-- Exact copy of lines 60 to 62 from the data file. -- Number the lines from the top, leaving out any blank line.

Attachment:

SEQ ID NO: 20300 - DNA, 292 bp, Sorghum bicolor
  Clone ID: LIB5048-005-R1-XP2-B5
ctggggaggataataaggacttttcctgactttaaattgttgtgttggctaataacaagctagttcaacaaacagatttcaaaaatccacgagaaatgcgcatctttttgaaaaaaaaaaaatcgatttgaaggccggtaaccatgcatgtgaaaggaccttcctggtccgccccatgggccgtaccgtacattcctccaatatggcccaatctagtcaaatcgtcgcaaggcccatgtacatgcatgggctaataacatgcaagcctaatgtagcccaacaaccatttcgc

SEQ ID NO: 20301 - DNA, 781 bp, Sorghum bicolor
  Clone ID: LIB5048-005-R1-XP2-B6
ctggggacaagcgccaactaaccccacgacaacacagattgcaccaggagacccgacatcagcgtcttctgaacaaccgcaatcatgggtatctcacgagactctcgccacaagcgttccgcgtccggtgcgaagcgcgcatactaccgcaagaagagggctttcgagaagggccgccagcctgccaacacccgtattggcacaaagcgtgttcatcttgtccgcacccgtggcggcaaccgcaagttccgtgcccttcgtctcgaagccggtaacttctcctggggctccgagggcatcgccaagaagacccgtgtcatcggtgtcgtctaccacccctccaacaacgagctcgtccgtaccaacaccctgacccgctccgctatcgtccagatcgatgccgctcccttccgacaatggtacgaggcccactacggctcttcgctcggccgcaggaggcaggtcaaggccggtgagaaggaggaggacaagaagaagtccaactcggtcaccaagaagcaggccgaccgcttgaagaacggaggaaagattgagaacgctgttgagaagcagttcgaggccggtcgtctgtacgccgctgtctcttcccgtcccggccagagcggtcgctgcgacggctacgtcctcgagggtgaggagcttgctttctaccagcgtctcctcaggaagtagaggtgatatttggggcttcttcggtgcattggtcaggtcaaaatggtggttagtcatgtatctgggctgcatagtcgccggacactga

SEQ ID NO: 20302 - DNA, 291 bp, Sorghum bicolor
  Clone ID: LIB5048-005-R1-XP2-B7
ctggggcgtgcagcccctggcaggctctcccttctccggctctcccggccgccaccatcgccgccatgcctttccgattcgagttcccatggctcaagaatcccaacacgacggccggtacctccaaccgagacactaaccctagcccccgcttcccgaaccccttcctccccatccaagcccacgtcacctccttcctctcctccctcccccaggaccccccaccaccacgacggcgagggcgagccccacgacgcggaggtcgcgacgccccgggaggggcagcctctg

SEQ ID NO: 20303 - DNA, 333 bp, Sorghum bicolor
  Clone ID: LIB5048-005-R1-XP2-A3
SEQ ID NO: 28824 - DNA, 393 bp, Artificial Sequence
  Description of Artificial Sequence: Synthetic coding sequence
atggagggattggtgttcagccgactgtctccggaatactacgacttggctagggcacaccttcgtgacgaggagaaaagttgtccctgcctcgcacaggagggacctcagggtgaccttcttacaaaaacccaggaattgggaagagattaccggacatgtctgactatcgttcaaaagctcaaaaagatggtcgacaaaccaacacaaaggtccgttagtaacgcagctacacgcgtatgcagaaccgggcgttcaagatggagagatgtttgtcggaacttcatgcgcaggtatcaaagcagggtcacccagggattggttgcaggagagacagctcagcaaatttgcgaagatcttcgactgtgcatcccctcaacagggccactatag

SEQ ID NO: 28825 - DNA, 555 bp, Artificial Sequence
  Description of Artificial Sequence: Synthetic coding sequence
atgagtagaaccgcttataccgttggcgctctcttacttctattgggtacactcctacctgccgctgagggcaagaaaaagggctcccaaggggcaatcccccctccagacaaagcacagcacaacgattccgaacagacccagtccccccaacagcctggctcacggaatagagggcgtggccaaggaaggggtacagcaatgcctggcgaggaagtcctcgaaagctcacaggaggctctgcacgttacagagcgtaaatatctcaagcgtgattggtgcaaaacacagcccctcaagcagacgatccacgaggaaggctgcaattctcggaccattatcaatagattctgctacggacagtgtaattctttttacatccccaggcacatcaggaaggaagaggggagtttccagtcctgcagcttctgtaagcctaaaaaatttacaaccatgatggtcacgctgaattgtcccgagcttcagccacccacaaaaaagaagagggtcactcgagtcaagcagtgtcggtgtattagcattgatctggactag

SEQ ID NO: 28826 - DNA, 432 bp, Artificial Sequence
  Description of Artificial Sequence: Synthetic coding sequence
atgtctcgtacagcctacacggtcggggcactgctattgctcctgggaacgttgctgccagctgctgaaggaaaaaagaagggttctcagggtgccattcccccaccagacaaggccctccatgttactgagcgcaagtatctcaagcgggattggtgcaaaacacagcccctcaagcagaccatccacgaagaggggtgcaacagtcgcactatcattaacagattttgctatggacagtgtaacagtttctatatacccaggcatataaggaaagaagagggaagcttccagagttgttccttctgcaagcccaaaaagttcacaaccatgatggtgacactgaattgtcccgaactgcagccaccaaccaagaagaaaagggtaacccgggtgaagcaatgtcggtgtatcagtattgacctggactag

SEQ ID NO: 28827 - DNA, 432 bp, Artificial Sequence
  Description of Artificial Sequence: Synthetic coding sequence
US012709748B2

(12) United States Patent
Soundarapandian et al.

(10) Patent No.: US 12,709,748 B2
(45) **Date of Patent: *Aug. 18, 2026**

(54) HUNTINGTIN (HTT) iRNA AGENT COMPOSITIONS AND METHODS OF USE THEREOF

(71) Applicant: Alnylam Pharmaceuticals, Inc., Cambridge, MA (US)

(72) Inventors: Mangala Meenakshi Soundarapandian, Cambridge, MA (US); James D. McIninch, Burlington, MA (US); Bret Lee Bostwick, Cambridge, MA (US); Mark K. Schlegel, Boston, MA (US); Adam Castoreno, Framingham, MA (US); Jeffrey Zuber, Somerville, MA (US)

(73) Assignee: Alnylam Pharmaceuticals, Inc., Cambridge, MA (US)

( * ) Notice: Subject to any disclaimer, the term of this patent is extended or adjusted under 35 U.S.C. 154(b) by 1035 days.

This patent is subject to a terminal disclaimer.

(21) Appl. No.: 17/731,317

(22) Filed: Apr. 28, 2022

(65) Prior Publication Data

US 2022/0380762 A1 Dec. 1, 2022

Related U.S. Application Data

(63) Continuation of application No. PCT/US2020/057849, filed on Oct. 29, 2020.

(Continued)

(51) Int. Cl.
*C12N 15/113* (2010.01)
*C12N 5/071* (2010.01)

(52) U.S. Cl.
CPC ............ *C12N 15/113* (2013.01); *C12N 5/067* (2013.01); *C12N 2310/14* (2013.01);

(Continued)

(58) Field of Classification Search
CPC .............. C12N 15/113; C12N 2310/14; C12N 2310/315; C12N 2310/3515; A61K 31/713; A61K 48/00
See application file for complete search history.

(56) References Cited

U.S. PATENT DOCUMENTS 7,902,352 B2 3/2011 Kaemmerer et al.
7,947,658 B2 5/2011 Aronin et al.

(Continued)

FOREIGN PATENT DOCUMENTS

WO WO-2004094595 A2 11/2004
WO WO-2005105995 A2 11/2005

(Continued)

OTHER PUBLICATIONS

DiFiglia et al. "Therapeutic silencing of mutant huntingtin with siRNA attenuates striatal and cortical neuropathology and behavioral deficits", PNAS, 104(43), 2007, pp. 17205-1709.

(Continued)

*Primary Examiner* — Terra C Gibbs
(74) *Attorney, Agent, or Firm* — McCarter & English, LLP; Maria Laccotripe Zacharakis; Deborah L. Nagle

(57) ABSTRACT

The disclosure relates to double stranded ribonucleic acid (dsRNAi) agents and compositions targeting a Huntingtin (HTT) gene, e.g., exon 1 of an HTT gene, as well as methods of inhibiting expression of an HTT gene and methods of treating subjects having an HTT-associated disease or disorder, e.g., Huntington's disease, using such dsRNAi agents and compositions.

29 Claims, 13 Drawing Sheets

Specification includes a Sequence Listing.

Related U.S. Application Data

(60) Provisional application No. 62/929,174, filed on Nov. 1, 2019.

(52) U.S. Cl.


(Continued)

*Primary Examiner* — Terra C Gibbs
(74) *Attorney, Agent, or Firm* — McCarter & English, LLP; Maria Laccotripe Zacharakis; Deborah L. Nagle